[ Indiscernible-muffled speaker ] the project was specifically designed to augment existing environmental beneficial programs as well as to advance in new and innovative initiatives.
The study was identified in house and it was something that we decided at the MPO that we wanted to do about this would be beneficial.
In 2007, the MPO identified this as a study they wanted to take. The study was identified and a consultant came -- panel was selected and after this a technical of guys regroup was formed. -- A technical advisory group was formed.
-- The department of environmental protection and the department of transportation and transit.
There were regional representatives from the 13 counties in two cities I mentioned earlier and also the transportation management Association's.
Since those early stages the technical advisory committee which does continue to meet has expanded it to include the EPA, the environmental protection agency. The Port Authority of New York and New Jersey and the surrounding MPOs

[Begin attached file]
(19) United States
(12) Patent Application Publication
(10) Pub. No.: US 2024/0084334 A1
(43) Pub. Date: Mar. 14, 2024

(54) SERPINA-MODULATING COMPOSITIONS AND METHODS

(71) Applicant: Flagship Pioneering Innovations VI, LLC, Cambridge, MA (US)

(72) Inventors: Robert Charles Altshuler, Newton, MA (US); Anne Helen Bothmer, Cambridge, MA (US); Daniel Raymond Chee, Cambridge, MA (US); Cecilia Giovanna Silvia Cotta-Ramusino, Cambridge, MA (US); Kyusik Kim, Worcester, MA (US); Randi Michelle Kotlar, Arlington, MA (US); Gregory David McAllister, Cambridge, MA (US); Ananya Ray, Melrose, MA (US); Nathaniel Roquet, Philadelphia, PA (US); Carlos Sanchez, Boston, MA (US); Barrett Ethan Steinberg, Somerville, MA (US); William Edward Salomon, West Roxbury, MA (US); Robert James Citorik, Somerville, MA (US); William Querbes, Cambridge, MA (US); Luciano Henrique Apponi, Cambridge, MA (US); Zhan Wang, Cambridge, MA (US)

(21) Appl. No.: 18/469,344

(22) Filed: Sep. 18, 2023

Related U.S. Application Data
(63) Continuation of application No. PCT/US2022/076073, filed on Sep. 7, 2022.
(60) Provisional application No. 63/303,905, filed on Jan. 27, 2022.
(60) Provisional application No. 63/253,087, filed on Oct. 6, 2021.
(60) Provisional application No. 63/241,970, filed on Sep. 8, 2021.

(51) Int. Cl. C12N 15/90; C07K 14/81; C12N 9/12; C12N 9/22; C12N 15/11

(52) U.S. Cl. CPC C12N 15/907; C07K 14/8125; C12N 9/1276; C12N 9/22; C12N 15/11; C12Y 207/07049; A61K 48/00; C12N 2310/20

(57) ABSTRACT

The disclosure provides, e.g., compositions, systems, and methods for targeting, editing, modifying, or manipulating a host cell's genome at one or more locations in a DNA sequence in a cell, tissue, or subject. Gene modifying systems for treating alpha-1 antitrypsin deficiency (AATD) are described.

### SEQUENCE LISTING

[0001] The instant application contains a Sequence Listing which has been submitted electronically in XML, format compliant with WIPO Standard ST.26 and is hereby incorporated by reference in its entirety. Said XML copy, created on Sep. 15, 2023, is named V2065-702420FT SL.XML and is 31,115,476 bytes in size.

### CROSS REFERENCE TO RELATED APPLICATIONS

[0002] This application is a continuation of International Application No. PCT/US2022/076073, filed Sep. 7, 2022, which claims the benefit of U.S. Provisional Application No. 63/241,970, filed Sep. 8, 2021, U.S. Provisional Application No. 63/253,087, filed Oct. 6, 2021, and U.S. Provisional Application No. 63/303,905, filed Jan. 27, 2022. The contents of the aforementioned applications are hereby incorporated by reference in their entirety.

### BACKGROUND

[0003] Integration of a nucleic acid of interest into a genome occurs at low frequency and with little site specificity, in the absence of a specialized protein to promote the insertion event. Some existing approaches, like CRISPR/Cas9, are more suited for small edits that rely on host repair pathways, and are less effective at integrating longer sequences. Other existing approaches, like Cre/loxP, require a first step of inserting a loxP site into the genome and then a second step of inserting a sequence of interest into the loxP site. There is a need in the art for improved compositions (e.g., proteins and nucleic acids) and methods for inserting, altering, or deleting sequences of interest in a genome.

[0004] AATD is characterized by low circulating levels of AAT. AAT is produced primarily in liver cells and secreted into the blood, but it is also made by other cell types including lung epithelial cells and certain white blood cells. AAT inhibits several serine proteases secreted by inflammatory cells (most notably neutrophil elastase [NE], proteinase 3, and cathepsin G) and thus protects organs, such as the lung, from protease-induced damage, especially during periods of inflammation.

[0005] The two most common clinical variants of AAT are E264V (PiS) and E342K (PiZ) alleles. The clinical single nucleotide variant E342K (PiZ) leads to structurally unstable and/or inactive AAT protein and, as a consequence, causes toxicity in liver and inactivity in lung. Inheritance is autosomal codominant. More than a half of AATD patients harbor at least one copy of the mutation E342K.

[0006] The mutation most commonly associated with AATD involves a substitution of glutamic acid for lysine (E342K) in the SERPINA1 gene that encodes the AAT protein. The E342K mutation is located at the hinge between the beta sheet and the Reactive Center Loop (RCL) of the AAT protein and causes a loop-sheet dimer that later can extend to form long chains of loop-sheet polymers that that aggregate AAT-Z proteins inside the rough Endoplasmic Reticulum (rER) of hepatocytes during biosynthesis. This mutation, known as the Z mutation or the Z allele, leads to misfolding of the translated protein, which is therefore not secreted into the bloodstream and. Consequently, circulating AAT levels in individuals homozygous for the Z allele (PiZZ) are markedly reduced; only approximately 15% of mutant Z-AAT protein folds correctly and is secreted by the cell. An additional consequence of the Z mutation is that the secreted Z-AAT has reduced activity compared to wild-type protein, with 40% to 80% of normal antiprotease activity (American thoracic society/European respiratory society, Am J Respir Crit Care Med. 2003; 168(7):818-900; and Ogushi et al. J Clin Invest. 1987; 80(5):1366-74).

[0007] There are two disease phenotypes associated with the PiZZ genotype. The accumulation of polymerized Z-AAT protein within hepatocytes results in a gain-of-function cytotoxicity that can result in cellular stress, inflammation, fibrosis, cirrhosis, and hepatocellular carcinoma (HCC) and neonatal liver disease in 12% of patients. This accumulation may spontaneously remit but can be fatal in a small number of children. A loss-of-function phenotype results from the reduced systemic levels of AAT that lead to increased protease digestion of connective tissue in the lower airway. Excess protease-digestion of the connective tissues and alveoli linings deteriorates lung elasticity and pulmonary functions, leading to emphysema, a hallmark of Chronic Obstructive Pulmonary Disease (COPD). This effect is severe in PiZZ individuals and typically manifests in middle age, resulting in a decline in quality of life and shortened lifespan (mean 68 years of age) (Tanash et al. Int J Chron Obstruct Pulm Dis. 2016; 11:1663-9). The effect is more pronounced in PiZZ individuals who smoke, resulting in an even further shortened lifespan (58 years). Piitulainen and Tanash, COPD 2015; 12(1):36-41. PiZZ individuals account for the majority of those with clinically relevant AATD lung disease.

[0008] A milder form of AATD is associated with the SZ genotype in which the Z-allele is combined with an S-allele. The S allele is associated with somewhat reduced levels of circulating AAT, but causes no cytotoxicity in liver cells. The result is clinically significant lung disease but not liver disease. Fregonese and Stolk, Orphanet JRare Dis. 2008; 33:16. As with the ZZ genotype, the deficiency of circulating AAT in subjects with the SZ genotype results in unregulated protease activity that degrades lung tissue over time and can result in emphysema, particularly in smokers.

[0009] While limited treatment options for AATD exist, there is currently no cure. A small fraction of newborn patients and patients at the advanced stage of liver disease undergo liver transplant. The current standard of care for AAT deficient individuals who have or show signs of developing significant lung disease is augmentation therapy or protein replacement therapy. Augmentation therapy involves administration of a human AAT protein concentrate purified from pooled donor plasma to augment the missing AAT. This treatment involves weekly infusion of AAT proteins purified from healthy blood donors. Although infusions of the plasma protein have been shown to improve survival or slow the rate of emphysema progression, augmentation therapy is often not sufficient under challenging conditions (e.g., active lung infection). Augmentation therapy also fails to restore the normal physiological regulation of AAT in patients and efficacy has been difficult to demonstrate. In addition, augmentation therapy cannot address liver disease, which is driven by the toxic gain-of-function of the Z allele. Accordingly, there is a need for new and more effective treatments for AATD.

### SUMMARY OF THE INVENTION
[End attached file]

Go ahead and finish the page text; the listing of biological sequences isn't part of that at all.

and would also work with others as well. Originally, there was technical experience provided in we helped a selected in prioritize a final selection of TCAMs. It's ever has in his 12 new
and exciting new working partnerships with agencies would traditionally have not worked with in the past. So we were rolling up our short sleeves -- growing up our shirtsleeves to work together.
There were four types of TCAMs investigative and the first type was clean vehicle technology and this is the TCAM owl be talking about today. The second group of TCAMs was measures to reduce the vehicle miles traveled
and the third was anti-abolition -- and tie idling -- anti-idling measures. -- Particularly the emissions reductions for the criteria and pollutants as well as the greenhouse gases. From this original list,
20 candidate TCAMs were prioritized and investigated further. Fact sheets were developed and 20 TCAMs were considered further in each of these were researched more diligently and screen more rigorously, both qualitatively